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Over 100 doctors vote to have BMA investigate negative impact of Canada’s extreme euthanasia regime

Over 100 doctors voted at the BMA Annual Representative Meeting for the BMA to investigate how Canada’s extreme euthanasia regime has impacted health inequality, suicide prevention and provision of palliative care in the country.

The British Medical Association (BMA) is a trade union and professional body for doctors in the UK. 

Between 3 and 5 July, the BMA held its annual representative meeting (ARM) where it considered potential changes to bylaws and suggested amendments to the articles of association requiring approval from the annual general meeting (AGM). 

Motion 287 was proposed under the ‘Medical Ethics and Human Rights’ category, which called the “BMA board of science to investigate how the legislation of Medical Assistance in Dying (MAID) has impacted health inequality, suicide prevention and provision of palliative care in Canada.”

David Randall, a renal physician, opened the debate by noting that Medical Assistance in Dying (MAID) is deeply concerning for the poor and disadvantaged. 

Drawing on the story of Safia Kovak, who had Motor Neurone Disease and died by euthanasia in 2022, Randall quoted Safia from her self-penned obituary that “Ultimately it was not a genetic disease that took me out, it was a system. There are not enough services promoting quality of life and independence for those who are not healthy and able-bodied. I could have had more time if I had more help.”

Gillian Wright, who works in medical ethics, continued the discussion by stating that “Canada’s expansion of euthanasia in the last seven years has been nothing short of breathtaking. The systematic dismantling of safeguards is shocking.”

After hearing the opposition, David Randall closed the debate by asserting that people may be choosing not to examine the most serious cases because of anxiety about what the outcome may be. Acknowledging that supporters of assisted suicide and euthanasia may not be keen to talk about Canada and its predicament, Randall highlighted that this doesn’t mean the BMA should not talk about it. 

Despite the proposed motion being put forward, the outcome of the vote to form policy was unsuccessful. With a total of 328 votes, 34% (112) voted for the motion, 57% (187) voted against the motion and 9% (29) chose to abstain from voting. 

In 2021, 10,064 lives were ended by assisted suicide or euthanasia, an increase of over 32% from the previous year, accounting for 3.3% of all deaths in Canada.

According to the latest report on Medical Assistance in Dying from Health Canada, 17.3% of people also cited “isolation or loneliness” as a reason for wanting to die. In 35.7% of cases, patients believed that they were a “burden on family, friends or caregivers”

Motion on ‘DIY’ abortion safeguards

Towards the end of the ARM, there were 10 emergency motions chosen. Proposed by Gregory Gardner, motion 1010 was based on the recent case where, the British Pregnancy Advisory Service, sent out abortion pills to a woman whose baby, Lily, was at least 32 weeks gestation.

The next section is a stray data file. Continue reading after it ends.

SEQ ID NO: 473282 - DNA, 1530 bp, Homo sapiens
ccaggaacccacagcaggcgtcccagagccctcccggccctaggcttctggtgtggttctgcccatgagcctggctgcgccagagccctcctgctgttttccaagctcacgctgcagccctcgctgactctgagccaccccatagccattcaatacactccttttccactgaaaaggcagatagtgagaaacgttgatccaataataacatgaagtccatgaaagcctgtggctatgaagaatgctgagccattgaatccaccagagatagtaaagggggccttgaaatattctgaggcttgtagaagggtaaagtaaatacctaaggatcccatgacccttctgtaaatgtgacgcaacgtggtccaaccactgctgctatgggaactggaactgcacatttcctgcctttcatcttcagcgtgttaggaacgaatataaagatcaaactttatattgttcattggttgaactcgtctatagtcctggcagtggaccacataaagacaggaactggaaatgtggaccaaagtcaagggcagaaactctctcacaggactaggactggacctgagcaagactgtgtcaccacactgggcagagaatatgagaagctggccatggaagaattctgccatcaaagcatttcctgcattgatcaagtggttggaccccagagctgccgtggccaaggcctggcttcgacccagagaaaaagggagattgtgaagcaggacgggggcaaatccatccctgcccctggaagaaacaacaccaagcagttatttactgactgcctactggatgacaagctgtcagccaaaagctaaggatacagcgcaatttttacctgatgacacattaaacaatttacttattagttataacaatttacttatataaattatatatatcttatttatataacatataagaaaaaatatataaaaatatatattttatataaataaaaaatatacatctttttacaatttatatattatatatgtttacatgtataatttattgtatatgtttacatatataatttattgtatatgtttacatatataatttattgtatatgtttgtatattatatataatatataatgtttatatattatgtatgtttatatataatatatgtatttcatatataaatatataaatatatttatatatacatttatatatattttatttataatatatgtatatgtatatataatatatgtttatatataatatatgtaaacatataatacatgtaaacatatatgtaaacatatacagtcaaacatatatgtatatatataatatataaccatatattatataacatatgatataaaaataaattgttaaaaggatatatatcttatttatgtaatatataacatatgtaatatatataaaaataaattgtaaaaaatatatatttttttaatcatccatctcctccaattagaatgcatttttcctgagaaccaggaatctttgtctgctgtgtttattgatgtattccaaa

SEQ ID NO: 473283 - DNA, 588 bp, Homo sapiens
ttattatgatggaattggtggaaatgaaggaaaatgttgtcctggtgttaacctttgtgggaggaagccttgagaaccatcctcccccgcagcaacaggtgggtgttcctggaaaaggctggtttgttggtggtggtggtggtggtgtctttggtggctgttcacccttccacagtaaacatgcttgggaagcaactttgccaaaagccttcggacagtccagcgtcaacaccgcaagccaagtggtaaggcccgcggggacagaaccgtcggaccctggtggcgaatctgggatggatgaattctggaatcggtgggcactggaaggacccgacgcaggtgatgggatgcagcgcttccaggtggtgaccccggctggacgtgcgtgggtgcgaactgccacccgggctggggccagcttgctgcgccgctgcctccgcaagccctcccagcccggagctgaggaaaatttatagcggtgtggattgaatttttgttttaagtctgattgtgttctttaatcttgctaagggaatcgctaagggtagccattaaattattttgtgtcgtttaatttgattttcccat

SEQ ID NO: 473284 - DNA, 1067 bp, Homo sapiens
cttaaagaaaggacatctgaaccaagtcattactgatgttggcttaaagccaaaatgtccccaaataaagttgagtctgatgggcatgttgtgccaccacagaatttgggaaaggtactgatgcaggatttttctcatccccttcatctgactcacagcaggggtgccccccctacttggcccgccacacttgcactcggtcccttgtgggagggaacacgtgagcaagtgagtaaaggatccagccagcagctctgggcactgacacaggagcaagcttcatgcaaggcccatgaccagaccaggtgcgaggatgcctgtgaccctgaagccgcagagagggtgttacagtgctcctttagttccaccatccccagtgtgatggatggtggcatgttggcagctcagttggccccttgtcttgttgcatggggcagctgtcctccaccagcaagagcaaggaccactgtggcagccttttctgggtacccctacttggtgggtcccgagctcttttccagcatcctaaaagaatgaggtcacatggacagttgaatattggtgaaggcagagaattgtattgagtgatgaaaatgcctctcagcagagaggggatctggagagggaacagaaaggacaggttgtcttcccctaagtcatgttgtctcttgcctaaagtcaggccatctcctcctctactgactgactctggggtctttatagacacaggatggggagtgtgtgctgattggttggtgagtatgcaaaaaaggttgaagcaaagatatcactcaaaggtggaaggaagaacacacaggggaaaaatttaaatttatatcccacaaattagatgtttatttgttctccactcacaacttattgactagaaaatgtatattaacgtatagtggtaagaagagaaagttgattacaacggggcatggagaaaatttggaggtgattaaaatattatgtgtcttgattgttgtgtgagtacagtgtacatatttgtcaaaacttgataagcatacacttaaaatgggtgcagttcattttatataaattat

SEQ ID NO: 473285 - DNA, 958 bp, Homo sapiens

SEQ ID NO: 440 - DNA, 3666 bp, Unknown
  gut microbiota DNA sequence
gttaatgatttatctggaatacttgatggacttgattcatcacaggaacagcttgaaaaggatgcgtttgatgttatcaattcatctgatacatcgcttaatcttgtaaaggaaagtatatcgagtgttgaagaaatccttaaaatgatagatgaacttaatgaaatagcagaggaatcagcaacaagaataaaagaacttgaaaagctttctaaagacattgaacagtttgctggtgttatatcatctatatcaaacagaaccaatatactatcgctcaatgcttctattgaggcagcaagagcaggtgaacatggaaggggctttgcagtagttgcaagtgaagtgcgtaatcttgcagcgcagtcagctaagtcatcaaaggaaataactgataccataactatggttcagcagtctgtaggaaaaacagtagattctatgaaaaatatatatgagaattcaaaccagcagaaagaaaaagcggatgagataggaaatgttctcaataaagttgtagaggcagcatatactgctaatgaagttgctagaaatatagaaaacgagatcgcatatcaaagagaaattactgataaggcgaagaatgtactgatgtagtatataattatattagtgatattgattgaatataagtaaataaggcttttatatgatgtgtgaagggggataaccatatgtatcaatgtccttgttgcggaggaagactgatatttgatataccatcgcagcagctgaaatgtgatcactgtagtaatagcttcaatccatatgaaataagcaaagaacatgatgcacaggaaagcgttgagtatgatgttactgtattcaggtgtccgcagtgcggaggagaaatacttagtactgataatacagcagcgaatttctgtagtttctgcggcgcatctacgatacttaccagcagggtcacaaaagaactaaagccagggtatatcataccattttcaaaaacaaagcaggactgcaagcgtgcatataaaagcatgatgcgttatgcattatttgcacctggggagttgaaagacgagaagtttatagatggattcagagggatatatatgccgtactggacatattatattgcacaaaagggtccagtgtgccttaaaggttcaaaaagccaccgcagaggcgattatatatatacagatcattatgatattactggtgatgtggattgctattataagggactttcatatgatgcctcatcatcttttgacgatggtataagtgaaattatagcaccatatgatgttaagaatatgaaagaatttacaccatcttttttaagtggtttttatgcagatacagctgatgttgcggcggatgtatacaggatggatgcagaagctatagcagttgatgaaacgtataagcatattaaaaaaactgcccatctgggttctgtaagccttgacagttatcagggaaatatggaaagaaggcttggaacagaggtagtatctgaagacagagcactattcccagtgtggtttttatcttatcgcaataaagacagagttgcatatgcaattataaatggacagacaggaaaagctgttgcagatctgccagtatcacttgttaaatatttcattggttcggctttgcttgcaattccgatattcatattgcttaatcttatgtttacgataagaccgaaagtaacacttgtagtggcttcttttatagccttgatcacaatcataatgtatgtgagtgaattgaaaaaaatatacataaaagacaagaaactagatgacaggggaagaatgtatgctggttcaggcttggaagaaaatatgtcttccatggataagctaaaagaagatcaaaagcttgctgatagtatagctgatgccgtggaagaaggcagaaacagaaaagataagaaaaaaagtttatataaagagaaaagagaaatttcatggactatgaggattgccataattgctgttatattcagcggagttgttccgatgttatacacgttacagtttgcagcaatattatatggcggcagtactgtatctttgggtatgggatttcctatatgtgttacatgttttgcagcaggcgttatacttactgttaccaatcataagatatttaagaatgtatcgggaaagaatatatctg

The motion outlined that “As a duty of care to women the following changes should be made to abortion practice:-

i) there should be an end to the scapegoating of women for the failure of abortion providers to provide adequate safeguards; 

ii) whenever possible, consultations for medical abortion should be carried out face to face, in order for a more thorough clinical assessment, including a proper estimation of gestational age; 

iii) the extent of abortion failure should be data driven and known by all commissioning bodies.” 

Despite the motion being tabled, the motion was not discussed due to lack of time. 

Right To Life UK spokesperson Catherine Robinson said “The poor, marginalised and disadvantaged are being failed by the medical system in Canada and instead of fixing the system, it appears that the solution being offered to some is the ending of their lives through euthanasia or assisted suicide. It’s vital that people in the UK are aware of how bad the situation in Canada is and that, as a country, we chose to focus on caring for those who are ill rather than seeking to introduce assisted suicide or euthanasia.”

Dear reader,

MPs will shortly vote on proposed changes to the law, brought forward by Labour MPs Stella Creasy and Diana Johnson, that would introduce the biggest change to our abortion laws since the Abortion Act was introduced in 1967.

These proposed changes to the law would make it more likely that healthy babies are aborted at home for any reason, including sex-selective purposes, up to birth.

Polling undertaken by ComRes, shows that only 1% of women support introducing abortion up to birth and that 91% of women agree that sex-selective abortion should be explicitly banned by the law.

Please click the button below to contact your MP now and ask them to vote no to these extreme changes to our law. It only takes 30 seconds using our easy-to-use tool.